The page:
This module is a resource for lecturers  


Models and structure of organized crime


Law enforcement, researchers, non-governmental and international organizations have examined various manifestations of organized crime in different world regions using informants, police and court records, participant observation, interviews with community members, economic analyses and historical accounts. Dramatic variation is reported in both the size, scope and activities of organized criminal groups.

Market driven organized crime

A UNODC global assessment of nine distinct illicit product markets and flows concluded that the criminal activity is driven by the markets and products, rather than by the groups involved. As the study points out: "[m]ost organized crime problems today seem to be less a matter of a group of individuals who are involved in a range of illicit activities, and more a matter of a group of illicit activities in which some individuals and groups are presently involved" (UNODC, 2010).

As shown in Module 3, opportunities and demand for illicit goods and services generate groups willing to exploit those opportunities. At the same time, as explored in Module 4, infiltration of legitimate business and government requires aggressive tactics by organized criminal groups to create these openings for corruption and money-laundering.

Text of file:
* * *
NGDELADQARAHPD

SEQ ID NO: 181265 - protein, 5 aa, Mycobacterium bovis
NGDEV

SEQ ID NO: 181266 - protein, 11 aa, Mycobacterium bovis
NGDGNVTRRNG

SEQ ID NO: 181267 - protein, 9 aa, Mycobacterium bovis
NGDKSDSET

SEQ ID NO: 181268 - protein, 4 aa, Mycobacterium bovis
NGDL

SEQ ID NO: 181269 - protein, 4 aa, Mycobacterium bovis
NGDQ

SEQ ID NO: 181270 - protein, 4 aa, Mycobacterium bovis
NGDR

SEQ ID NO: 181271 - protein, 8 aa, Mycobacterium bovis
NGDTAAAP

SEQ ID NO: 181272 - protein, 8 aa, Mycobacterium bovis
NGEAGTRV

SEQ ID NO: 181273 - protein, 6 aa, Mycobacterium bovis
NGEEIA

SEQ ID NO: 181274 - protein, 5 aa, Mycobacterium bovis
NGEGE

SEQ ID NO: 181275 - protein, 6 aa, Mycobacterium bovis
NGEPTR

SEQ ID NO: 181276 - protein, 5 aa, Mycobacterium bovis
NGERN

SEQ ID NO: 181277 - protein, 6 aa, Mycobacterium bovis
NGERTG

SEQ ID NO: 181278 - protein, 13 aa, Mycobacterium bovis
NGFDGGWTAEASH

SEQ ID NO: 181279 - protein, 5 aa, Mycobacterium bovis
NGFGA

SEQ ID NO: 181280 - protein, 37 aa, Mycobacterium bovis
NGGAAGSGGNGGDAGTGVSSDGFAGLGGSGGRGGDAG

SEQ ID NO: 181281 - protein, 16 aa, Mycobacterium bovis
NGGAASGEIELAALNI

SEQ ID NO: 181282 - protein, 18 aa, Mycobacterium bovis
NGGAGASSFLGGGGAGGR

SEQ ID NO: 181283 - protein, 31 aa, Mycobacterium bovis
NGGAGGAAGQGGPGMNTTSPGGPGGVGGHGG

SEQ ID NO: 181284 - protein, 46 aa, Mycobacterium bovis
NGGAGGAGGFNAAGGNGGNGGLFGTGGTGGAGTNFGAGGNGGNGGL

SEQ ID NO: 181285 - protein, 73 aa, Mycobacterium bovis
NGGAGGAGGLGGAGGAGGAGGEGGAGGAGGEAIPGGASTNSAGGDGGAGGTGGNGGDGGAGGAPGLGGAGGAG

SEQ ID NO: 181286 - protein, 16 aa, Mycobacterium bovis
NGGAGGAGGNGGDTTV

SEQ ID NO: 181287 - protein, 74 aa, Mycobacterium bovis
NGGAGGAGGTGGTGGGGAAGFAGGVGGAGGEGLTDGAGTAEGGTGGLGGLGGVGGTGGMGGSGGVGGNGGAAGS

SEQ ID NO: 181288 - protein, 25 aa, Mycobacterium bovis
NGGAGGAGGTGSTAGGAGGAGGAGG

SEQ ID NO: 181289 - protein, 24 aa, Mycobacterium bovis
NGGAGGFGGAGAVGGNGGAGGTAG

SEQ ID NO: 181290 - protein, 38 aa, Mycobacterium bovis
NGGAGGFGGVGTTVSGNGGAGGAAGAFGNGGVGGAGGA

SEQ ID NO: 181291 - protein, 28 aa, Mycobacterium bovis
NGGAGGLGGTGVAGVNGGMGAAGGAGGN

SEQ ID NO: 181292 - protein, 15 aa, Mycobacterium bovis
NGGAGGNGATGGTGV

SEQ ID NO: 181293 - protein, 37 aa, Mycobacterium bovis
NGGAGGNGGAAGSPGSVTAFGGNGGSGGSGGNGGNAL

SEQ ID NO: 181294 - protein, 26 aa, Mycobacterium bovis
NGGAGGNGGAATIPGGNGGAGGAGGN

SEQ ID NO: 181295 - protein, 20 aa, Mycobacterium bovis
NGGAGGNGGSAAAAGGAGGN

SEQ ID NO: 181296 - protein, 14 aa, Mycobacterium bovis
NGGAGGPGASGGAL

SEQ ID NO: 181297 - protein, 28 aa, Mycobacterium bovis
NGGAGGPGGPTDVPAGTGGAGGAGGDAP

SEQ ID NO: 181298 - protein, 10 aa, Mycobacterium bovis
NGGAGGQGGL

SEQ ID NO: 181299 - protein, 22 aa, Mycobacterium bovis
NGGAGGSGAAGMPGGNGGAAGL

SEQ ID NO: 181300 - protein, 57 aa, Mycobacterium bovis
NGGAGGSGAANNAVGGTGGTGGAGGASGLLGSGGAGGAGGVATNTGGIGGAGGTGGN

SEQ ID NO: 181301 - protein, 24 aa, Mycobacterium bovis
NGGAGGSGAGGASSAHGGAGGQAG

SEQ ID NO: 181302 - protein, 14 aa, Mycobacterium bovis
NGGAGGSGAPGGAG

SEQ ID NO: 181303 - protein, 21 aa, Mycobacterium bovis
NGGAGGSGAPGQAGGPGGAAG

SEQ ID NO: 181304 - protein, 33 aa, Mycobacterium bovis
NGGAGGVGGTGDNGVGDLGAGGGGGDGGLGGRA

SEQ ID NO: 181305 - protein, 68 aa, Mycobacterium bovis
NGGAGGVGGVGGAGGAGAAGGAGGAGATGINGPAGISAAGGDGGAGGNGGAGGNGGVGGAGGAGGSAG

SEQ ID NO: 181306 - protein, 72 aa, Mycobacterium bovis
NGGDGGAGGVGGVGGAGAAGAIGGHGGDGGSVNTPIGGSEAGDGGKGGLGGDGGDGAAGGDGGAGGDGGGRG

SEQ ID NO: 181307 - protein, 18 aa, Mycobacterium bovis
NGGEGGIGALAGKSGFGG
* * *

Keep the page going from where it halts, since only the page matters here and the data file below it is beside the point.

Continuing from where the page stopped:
There have been hundreds of cases and studies of organized criminal groups with many interesting findings. It is impossible to summarize all of them across time, location, and crime types, nonetheless a large number of empirical studies identifies three general types of organized criminal groups. These three types, or models, are summarized below.

A model is an effort to capture the essence of a phenomenon to understand it more clearly. For instance, we model the universe, child development, the aging process, and many other concepts to understand them. The patterns or models of organized criminal groups can be grouped into three general types: groups with hierarchical or organizational structure; groups based on local cultural or ethnic connections; and groups relying on economic business-type relationships. There is overlap among these models, and perhaps few organized criminal groups exist as a distinct "type," but there are important differences among these models that deserve a closer analysis.


Back to top